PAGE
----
• Regulation – Regulators can have a significant bearing on the effectiveness of any partnership. If partnership working is to be effective in the future, there is a need for a more permissive regulatory system which moves away from a focus on target driven activity. This has been a mark of the experience of NHS organisations during COVID-19.

The future is connected

The future of health and social care is clearly one of system and increasingly connected services. In such an environment boards will need to be cognisant of the potential benefits and challenges to be derived from bringing together a range of organisations with often strikingly different cultures and backgrounds.

To support this, and informed by our study, we have developed a series of questions against each of the themes above for board members to consider when developing partnership arrangements.

Culture and behaviours

What is the appetite of our board for the partnership arrangement?

  • How will we engage across organisations to build trust and alignment across both senior teams?
  • How can we best resource the improvement work?
  • Have we clarified timelines and resource allocation for improvement internally and externally?
  • Are leadership teams and relevant staff clear on their roles in driving improvement?
  • Have we assessed the risks (such as diverting capacity away from our sites) to our organisation as a result of the partnership arrangement?
  • Have we considered what the governance arrangements look like?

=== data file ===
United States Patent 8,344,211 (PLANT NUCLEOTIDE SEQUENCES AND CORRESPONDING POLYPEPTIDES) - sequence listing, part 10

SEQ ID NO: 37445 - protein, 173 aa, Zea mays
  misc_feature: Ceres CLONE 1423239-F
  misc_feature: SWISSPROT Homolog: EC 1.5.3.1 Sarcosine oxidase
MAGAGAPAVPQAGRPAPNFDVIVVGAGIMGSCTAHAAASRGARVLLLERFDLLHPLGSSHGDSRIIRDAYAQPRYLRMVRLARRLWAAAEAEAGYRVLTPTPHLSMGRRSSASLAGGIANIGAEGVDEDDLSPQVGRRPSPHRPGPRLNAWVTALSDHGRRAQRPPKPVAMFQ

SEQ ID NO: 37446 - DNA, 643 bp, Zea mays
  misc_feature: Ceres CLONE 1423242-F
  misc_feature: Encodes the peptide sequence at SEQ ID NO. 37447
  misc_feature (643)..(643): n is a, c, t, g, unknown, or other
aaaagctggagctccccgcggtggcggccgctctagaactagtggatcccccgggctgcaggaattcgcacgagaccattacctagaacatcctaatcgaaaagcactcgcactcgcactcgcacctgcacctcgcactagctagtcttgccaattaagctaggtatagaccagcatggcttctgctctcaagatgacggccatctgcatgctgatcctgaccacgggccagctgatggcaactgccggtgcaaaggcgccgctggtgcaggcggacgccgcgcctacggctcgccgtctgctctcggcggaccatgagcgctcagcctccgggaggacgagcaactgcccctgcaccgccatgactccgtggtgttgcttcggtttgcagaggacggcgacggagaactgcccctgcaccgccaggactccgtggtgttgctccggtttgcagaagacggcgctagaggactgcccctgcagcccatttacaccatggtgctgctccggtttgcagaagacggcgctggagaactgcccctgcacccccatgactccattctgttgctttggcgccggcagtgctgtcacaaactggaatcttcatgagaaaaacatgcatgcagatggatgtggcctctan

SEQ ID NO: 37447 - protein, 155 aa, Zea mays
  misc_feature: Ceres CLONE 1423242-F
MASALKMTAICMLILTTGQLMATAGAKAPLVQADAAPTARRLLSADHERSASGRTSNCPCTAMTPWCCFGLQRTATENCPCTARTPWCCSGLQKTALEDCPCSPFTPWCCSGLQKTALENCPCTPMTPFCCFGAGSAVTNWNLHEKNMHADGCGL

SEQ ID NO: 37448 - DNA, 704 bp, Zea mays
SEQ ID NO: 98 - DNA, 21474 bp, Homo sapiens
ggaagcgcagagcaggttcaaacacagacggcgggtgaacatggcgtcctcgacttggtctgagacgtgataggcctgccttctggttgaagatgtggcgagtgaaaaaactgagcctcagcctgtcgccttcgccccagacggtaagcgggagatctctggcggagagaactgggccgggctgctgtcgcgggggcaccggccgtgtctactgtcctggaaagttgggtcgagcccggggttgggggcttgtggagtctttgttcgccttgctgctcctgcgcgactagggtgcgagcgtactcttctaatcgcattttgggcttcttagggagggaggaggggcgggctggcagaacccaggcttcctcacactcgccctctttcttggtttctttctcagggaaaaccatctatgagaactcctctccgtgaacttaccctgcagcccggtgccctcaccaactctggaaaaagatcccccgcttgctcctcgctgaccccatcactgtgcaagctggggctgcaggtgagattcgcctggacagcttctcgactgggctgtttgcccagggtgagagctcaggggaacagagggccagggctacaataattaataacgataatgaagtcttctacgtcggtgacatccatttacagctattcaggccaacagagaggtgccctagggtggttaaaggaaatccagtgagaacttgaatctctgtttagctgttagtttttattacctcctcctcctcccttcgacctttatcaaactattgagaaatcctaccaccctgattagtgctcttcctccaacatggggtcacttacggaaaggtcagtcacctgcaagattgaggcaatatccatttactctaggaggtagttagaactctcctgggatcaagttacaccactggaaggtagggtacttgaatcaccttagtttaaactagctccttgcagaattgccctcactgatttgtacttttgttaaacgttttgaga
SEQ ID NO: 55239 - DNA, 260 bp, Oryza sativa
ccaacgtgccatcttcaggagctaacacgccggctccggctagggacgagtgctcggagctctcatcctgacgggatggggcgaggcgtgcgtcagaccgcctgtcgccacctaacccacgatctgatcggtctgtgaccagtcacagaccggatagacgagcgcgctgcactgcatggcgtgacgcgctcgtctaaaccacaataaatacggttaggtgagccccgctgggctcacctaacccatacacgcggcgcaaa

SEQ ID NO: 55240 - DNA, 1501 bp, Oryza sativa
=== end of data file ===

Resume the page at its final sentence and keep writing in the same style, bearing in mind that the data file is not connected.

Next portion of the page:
• Have we considered how we can use partnership working to both drive improvement and bolster performance?
  • Are we developing processes in tandem that work for the leadership and staff of both organisations?


  • Have we considered how programmes of work will be evaluated at the planning stage?
  • How will we communicate the conclusions of any evaluation in order to share learning more widely within the health and social care sector?


  • Have we developed a communications strategy for the partnership arrangement?
  • Does this include staff and the public?
  • Are approaches to communication aligned across all organisations?
  • How can we ensure that the leadership of all organisations are visible and available to staff as necessary?


  • What support / resource will we need from other organisations e.g. regulators to ensure the arrangement is successful?
  • Do external bodies understand our approach to improvement, and recognise that significant improvement will not be realised overnight?

If this bulletin prompts any questions or comments, please call us on 07732 681120 or email advice@good-governance.org.uk

Chris Smith


Prepared by GGI Development and Research LLP for the Good Governance Institute.